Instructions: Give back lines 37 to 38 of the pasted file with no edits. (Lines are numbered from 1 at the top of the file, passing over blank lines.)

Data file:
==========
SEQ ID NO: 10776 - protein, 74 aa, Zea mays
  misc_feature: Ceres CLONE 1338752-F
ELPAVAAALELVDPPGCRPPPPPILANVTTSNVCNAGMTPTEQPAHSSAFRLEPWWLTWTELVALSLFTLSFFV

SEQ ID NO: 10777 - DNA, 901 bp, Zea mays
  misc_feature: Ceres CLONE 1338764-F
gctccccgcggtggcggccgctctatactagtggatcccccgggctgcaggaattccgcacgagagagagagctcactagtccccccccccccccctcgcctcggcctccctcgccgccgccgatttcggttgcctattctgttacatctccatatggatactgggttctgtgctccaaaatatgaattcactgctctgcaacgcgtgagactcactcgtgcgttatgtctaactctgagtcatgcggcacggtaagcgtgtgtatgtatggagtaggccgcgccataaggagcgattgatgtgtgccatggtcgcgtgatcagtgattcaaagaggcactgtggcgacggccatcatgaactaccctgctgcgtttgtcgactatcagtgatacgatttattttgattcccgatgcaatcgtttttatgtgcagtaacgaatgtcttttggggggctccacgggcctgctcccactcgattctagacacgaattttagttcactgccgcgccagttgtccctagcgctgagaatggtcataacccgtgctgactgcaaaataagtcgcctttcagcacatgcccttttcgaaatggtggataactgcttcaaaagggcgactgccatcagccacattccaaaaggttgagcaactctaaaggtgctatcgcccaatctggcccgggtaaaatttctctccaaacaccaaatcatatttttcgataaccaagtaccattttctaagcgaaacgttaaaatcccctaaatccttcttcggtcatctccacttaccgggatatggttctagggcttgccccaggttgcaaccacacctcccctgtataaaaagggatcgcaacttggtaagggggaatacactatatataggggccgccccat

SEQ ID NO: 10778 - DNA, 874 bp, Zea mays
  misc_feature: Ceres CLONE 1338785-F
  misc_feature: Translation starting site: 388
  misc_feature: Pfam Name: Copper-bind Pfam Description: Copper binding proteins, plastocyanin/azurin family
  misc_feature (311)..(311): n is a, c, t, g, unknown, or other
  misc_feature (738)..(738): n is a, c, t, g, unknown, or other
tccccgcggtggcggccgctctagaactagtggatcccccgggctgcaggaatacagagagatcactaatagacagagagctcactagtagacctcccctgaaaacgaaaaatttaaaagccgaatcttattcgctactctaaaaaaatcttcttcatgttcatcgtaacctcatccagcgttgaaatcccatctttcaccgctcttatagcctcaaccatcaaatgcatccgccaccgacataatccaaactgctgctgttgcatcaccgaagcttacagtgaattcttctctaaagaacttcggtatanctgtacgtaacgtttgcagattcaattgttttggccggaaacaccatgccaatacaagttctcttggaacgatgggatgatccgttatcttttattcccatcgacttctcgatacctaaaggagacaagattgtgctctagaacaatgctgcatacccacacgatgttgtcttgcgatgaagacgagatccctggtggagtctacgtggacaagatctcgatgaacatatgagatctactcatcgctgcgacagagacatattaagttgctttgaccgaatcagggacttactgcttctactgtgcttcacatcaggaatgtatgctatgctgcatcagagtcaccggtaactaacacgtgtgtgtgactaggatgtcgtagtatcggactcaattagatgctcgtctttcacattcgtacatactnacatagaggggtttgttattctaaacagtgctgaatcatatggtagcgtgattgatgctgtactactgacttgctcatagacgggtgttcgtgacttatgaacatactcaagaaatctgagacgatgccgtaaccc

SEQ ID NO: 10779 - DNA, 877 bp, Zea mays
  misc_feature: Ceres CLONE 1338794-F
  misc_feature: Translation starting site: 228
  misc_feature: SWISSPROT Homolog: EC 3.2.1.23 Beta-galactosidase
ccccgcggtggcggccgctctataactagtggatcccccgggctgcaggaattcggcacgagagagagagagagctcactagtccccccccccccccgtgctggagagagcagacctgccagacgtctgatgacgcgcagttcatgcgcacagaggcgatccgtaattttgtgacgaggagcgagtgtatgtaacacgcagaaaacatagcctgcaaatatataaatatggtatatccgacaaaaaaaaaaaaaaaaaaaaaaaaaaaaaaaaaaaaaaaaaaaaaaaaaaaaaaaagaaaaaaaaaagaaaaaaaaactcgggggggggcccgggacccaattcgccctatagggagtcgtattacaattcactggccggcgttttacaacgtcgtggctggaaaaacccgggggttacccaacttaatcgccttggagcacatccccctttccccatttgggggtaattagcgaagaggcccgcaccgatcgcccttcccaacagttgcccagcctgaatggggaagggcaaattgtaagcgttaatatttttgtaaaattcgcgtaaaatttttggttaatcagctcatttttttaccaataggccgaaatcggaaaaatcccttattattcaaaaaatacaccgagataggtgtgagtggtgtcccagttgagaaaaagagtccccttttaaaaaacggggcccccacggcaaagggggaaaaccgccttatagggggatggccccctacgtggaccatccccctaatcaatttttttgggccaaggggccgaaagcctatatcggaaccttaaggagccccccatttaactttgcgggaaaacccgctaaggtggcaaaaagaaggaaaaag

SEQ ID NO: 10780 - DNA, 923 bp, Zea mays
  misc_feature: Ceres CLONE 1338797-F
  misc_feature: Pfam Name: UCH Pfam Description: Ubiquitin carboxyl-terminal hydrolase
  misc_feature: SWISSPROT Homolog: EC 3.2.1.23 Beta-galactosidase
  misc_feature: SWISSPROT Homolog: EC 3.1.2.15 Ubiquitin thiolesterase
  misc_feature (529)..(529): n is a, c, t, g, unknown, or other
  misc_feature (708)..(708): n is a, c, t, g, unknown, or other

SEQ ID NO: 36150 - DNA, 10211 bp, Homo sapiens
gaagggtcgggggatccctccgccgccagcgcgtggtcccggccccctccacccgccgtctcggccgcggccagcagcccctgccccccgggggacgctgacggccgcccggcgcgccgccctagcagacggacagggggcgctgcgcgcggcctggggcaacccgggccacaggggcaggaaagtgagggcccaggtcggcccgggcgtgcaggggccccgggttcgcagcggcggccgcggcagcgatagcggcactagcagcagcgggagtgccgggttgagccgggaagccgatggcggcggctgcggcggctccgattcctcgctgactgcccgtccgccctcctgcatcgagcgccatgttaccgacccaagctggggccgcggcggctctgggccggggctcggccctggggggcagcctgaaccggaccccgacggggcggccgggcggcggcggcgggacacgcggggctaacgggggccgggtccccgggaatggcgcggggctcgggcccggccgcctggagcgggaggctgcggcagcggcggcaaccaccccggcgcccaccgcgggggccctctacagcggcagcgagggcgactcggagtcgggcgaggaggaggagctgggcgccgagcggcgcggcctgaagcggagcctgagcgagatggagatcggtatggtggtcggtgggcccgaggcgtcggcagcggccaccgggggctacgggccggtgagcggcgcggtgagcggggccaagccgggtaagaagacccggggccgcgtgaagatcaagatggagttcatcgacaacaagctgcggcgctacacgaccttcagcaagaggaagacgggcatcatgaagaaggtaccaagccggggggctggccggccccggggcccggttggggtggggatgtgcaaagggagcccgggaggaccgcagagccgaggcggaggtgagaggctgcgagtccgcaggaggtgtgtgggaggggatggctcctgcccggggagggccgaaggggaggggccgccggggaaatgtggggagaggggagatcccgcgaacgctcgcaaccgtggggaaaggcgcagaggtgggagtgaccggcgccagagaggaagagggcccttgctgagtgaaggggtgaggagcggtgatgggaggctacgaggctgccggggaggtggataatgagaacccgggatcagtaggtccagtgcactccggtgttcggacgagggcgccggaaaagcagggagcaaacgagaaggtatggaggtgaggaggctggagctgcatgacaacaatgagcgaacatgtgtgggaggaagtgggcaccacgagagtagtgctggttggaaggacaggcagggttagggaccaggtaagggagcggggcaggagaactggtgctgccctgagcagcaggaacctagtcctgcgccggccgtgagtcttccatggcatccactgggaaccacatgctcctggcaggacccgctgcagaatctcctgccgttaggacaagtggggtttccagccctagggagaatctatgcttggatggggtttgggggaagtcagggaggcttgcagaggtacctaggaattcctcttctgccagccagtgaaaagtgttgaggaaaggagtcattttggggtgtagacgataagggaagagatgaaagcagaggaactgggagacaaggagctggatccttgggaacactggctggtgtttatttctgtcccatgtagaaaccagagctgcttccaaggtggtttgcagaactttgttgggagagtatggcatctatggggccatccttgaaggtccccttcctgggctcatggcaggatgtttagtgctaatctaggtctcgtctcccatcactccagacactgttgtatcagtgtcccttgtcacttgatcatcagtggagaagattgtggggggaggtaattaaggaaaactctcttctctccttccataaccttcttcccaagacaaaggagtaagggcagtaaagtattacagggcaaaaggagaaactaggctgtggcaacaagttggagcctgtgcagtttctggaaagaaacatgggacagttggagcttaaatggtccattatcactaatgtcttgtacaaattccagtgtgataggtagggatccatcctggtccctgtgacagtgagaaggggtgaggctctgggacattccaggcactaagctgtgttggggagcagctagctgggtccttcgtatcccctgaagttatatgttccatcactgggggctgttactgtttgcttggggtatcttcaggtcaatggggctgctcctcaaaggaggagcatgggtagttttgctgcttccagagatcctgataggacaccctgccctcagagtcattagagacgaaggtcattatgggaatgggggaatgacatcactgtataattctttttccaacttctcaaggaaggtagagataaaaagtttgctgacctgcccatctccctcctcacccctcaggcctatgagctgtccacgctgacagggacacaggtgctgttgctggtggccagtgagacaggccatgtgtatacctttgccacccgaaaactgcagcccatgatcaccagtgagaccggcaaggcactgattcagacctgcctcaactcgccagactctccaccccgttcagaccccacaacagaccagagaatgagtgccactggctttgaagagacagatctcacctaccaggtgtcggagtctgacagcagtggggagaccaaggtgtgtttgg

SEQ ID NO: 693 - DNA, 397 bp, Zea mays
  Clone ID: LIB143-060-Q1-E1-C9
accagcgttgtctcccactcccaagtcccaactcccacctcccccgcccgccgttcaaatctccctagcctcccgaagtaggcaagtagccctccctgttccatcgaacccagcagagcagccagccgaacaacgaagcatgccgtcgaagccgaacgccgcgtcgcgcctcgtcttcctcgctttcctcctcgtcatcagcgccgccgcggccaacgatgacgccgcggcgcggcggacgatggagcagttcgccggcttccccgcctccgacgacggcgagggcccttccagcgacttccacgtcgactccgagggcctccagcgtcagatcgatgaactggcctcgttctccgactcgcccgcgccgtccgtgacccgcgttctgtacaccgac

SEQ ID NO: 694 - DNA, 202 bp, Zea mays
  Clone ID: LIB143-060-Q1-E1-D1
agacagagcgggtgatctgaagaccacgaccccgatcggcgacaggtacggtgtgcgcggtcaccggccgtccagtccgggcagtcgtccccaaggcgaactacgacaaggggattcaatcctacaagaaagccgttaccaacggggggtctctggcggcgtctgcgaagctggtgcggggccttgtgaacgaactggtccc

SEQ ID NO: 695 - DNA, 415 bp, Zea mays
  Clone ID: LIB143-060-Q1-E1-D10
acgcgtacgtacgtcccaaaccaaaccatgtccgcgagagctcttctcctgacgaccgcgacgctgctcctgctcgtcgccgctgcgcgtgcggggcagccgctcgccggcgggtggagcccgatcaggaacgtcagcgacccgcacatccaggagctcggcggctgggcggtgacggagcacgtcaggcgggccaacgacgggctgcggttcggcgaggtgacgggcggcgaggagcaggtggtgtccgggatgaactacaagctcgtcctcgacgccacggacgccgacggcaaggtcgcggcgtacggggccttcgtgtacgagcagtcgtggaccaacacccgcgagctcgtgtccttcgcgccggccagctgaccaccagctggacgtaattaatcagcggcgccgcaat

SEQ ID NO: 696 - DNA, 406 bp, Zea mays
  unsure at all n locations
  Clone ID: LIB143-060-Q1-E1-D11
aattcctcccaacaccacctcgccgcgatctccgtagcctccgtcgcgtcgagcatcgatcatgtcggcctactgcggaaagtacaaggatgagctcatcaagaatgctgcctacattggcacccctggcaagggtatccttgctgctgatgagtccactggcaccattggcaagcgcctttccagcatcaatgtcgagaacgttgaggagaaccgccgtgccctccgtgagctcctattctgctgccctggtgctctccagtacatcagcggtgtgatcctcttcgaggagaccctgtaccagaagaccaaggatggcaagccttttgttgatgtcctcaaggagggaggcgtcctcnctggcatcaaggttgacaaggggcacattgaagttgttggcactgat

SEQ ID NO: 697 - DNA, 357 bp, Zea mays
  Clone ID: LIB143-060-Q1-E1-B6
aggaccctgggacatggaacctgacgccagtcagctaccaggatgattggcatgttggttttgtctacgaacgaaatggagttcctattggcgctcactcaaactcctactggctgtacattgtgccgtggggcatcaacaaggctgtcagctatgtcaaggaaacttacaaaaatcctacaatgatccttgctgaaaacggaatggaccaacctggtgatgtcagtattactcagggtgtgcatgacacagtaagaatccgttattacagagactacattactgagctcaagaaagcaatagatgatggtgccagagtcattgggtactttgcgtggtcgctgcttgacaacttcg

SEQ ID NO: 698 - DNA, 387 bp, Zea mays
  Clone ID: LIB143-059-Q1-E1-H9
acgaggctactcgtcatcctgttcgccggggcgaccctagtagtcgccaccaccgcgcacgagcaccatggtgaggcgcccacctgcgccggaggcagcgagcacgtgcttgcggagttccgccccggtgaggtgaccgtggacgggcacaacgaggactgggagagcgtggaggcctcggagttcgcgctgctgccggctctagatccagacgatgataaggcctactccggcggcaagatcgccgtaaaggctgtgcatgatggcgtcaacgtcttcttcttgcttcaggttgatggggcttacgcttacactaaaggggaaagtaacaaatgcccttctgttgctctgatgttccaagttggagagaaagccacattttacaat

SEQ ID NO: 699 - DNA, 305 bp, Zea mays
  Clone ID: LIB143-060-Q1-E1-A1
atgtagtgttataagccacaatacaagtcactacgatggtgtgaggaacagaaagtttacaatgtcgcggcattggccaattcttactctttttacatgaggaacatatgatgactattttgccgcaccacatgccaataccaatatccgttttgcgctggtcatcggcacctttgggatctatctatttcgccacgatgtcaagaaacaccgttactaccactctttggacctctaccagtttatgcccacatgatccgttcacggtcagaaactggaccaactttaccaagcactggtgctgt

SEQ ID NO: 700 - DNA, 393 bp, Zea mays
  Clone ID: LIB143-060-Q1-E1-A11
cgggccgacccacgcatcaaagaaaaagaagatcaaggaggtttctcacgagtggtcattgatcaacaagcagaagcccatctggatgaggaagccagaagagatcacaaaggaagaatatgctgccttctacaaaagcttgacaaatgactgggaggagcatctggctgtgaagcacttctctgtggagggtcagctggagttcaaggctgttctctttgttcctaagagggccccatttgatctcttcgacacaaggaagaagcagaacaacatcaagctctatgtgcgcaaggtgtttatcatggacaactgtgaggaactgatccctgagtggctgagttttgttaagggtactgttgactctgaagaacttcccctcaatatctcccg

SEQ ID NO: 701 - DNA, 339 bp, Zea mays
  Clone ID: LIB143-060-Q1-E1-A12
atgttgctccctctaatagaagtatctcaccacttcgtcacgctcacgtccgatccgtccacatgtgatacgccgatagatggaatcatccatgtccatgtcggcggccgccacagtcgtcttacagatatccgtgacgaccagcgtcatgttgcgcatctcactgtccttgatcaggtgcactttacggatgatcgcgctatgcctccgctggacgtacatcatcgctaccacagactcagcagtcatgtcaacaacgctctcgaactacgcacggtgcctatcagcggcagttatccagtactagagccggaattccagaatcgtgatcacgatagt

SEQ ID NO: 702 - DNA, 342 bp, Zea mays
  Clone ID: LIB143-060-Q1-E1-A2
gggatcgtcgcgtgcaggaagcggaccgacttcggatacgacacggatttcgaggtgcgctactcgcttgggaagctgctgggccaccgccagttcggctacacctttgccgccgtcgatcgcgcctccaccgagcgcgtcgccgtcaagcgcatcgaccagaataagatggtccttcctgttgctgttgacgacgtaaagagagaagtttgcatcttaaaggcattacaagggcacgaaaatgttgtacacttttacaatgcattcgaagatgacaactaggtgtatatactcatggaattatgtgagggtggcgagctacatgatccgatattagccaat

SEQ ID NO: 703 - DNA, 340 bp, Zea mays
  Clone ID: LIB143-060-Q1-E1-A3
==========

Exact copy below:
SEQ ID NO: 696 - DNA, 406 bp, Zea mays
  unsure at all n locations